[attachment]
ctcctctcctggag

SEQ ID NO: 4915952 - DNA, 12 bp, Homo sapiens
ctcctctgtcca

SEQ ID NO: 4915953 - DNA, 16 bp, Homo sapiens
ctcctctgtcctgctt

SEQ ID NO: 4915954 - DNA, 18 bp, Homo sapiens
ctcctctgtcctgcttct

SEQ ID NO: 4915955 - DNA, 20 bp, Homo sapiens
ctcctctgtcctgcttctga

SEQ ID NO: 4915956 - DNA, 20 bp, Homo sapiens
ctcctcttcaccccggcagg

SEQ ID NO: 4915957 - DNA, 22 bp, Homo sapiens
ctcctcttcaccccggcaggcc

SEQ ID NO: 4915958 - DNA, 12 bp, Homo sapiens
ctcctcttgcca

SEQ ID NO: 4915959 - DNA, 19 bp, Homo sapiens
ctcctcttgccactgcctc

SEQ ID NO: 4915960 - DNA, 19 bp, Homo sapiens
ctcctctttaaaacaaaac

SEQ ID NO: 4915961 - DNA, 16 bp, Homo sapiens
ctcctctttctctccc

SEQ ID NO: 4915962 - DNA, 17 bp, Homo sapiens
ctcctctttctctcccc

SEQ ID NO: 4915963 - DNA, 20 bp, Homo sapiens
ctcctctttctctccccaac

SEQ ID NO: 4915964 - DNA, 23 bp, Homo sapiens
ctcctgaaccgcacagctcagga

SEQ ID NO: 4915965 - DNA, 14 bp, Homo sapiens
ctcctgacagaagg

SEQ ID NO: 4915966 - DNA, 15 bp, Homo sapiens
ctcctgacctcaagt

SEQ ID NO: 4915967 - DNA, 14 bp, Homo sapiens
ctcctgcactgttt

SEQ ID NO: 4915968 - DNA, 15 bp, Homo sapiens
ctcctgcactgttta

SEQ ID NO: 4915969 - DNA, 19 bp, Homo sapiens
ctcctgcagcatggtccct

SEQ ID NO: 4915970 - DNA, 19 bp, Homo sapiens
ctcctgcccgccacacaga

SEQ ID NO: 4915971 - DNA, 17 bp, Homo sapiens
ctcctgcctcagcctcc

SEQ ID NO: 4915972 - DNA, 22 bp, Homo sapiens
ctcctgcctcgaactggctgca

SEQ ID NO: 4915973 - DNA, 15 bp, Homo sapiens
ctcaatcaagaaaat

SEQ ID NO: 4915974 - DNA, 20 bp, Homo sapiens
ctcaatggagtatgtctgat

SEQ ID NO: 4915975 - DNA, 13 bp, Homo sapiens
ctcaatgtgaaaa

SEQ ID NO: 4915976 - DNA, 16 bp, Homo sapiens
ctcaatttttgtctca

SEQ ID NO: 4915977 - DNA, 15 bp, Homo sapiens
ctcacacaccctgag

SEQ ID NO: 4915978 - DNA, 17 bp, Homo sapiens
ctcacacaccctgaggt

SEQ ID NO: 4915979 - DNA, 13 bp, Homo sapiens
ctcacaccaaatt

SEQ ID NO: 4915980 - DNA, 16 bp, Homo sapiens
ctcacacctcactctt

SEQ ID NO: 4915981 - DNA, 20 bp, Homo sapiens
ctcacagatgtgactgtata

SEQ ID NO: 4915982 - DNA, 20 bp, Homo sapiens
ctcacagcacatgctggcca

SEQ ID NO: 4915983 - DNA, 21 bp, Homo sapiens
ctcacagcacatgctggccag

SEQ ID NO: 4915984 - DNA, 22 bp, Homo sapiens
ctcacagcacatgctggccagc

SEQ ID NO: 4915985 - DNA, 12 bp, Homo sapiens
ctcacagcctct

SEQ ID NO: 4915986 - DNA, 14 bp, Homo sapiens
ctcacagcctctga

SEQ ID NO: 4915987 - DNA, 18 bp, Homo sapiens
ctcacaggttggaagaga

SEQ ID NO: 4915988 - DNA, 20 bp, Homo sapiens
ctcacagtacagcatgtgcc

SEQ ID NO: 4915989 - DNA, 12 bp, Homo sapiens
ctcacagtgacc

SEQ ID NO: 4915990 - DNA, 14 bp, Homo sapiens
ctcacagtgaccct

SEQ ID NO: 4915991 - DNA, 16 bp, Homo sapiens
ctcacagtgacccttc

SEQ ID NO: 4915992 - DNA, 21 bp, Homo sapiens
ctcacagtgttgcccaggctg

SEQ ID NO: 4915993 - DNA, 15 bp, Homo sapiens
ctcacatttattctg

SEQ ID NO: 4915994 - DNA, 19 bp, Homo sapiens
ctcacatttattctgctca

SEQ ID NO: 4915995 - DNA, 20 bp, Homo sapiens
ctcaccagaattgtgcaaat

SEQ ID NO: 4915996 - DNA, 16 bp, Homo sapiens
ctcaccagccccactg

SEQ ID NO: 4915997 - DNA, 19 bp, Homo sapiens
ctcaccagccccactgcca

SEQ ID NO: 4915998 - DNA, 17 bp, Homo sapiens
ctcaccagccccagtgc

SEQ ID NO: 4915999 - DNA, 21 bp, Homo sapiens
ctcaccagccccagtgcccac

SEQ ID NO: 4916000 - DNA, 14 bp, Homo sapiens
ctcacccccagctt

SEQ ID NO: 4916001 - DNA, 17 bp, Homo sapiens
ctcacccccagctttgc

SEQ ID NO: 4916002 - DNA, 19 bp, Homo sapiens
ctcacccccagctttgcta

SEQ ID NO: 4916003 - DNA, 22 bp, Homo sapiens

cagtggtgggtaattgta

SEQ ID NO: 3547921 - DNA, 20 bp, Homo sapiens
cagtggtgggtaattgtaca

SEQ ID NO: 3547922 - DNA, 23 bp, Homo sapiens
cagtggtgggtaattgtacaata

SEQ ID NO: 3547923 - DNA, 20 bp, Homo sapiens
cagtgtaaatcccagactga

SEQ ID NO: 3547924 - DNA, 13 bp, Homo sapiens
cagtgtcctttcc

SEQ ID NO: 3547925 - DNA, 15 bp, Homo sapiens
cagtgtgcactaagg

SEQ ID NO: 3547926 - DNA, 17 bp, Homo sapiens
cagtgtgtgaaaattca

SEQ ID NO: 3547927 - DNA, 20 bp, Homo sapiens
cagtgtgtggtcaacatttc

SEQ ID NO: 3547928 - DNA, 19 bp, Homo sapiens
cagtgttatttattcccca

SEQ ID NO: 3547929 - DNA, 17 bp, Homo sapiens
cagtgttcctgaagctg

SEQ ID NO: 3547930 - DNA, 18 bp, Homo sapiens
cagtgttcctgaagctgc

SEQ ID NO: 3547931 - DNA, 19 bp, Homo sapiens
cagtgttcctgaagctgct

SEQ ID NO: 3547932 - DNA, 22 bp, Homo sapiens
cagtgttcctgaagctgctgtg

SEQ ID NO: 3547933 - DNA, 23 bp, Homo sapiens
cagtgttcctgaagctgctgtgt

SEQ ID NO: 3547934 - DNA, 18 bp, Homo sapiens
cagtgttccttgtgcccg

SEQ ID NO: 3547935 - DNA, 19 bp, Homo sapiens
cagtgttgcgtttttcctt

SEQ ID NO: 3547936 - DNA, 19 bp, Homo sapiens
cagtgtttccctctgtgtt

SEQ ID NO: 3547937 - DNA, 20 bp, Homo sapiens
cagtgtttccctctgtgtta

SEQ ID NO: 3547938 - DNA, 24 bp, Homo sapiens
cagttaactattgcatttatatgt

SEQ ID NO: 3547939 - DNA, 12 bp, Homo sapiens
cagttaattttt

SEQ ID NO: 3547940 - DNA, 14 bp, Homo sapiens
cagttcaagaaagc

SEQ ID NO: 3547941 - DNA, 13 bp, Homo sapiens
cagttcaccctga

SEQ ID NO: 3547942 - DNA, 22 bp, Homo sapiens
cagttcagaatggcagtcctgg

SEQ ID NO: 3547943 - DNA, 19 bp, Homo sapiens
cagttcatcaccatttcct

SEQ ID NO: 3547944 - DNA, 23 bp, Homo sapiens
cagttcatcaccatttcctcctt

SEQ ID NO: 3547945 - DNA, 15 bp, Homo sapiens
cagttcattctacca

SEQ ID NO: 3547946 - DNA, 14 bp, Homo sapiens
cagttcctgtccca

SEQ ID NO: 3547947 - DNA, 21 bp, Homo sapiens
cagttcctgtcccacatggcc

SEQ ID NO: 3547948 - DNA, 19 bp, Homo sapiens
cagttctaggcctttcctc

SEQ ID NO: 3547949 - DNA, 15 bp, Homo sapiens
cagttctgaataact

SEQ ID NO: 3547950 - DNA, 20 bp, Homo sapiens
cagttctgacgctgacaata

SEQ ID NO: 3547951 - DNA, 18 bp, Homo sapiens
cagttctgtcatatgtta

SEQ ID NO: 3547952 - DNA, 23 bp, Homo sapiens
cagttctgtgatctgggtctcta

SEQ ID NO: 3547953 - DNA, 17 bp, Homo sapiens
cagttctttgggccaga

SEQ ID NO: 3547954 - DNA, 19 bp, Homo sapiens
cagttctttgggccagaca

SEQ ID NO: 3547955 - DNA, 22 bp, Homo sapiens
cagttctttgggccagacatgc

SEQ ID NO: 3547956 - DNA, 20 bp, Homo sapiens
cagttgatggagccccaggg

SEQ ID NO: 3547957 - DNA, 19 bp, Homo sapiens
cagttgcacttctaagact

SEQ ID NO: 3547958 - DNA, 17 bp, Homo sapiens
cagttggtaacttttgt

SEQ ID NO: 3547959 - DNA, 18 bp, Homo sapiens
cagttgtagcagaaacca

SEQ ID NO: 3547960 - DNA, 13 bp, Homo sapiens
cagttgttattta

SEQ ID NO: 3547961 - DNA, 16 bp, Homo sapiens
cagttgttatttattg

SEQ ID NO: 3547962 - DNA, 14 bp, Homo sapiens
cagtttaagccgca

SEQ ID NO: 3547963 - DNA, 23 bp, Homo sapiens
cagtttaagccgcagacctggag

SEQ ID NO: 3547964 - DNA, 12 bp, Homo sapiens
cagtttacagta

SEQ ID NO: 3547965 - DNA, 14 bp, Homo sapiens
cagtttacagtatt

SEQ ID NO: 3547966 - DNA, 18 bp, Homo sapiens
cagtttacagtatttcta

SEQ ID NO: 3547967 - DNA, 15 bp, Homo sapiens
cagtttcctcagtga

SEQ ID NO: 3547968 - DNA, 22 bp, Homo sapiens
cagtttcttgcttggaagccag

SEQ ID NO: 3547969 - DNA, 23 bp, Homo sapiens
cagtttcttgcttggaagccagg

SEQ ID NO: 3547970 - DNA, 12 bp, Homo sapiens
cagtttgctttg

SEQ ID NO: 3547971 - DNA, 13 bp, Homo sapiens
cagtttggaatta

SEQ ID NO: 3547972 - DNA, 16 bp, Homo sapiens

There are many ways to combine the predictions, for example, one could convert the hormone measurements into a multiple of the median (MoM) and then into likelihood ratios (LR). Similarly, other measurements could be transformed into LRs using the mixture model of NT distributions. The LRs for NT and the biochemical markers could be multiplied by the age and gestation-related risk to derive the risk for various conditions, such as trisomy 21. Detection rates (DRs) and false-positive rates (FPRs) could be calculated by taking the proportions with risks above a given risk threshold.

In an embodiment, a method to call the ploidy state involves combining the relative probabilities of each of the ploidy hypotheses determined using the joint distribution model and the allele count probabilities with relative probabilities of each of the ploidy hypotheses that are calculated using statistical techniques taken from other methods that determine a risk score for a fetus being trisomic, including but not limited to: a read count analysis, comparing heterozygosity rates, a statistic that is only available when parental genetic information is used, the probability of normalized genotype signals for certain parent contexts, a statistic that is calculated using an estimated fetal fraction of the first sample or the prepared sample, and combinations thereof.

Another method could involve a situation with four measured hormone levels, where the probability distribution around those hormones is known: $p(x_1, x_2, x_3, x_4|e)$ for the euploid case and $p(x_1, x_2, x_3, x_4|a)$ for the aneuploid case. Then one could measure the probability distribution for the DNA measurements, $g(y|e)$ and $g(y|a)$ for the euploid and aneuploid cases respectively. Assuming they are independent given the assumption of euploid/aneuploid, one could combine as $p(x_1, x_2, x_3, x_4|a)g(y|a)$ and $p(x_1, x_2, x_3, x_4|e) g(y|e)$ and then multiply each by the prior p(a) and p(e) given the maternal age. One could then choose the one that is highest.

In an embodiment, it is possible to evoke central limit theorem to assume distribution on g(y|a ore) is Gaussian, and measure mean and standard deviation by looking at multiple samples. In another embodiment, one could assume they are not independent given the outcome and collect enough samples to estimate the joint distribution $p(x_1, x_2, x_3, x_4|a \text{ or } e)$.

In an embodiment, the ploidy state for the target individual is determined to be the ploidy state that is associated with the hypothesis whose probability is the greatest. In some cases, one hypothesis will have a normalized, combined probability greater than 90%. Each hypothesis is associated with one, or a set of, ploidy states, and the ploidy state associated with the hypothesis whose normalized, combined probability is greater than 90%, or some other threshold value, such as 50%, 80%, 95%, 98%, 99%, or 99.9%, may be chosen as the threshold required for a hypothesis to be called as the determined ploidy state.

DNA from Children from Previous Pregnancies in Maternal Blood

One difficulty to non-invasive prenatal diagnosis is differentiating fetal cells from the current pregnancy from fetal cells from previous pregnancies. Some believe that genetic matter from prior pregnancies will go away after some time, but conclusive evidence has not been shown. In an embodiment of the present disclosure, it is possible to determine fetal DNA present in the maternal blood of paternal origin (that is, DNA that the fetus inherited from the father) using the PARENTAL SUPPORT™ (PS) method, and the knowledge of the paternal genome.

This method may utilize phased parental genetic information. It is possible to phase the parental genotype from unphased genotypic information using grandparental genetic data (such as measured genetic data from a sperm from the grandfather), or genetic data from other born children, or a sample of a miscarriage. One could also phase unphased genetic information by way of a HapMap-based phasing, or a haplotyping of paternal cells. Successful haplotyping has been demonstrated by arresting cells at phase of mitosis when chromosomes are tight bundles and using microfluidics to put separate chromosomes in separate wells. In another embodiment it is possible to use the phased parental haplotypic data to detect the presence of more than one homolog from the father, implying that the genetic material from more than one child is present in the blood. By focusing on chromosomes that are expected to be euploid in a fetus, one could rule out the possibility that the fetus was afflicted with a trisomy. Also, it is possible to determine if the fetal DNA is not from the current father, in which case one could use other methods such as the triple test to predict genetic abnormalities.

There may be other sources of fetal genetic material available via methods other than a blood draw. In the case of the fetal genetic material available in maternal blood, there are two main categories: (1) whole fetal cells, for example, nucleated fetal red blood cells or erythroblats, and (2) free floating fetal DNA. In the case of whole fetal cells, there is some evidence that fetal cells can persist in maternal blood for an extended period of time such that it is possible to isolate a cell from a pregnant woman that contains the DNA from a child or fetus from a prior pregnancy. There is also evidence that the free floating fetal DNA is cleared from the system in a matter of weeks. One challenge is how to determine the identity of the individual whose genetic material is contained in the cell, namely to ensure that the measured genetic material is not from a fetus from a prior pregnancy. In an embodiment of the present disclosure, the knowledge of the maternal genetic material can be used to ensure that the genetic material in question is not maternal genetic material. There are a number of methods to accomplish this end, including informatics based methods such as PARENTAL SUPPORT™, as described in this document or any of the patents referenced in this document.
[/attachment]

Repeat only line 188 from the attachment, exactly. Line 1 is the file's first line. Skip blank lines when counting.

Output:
SEQ ID NO: 3547962 - DNA, 14 bp, Homo sapiens